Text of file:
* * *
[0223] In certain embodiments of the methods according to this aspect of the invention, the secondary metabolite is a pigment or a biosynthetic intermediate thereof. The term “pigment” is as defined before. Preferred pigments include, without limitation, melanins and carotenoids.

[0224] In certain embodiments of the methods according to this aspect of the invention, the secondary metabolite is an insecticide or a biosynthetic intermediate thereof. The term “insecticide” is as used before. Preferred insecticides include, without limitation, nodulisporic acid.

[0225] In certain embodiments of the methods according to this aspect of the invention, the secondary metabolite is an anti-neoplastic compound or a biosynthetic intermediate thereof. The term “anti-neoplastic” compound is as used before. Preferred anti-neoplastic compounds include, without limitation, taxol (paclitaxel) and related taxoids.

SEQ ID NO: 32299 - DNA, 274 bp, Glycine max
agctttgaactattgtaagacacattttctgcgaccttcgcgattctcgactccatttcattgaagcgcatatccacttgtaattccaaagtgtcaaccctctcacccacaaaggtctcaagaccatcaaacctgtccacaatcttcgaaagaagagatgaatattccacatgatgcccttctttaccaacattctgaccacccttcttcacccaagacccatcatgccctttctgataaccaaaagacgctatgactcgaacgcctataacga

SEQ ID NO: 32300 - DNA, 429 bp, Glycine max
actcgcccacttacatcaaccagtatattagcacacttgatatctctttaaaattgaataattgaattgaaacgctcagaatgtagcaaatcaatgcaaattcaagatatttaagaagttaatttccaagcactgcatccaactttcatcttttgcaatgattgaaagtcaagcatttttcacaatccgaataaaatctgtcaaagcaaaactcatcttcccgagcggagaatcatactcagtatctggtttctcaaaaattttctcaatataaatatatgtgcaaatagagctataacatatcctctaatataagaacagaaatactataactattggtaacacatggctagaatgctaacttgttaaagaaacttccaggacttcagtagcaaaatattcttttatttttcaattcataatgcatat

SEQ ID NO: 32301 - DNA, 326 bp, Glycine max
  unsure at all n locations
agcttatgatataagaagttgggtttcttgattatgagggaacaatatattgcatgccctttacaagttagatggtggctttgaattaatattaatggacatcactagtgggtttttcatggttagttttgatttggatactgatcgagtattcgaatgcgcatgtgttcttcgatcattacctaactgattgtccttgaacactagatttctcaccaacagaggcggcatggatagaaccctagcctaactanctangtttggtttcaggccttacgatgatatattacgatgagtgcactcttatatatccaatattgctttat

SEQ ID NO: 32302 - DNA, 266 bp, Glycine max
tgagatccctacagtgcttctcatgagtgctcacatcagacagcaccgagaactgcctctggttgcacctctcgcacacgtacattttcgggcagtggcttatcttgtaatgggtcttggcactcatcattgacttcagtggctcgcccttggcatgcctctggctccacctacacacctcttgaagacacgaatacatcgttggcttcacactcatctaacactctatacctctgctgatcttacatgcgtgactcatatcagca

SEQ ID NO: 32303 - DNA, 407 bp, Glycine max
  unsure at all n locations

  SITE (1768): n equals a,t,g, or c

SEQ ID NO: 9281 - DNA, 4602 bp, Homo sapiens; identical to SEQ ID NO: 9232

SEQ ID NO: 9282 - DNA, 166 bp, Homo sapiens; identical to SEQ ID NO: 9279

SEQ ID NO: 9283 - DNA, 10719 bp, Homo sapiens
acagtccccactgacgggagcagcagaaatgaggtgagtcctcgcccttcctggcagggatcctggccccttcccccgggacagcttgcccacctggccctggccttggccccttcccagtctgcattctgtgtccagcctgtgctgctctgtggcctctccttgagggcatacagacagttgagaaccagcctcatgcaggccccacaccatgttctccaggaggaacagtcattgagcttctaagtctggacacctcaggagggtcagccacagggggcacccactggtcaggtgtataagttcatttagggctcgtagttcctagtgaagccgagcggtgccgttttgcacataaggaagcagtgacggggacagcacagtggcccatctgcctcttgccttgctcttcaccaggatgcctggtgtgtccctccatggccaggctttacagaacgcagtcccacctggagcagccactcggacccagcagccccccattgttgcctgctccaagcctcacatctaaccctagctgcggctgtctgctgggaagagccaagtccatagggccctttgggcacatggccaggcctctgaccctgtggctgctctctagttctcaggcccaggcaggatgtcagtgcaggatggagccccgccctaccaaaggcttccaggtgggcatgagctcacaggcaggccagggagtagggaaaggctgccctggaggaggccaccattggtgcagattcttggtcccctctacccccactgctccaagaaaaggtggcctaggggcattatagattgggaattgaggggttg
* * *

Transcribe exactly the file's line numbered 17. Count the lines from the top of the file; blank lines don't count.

SEQ ID NO: 9282 - DNA, 166 bp, Homo sapiens; identical to SEQ ID NO: 9279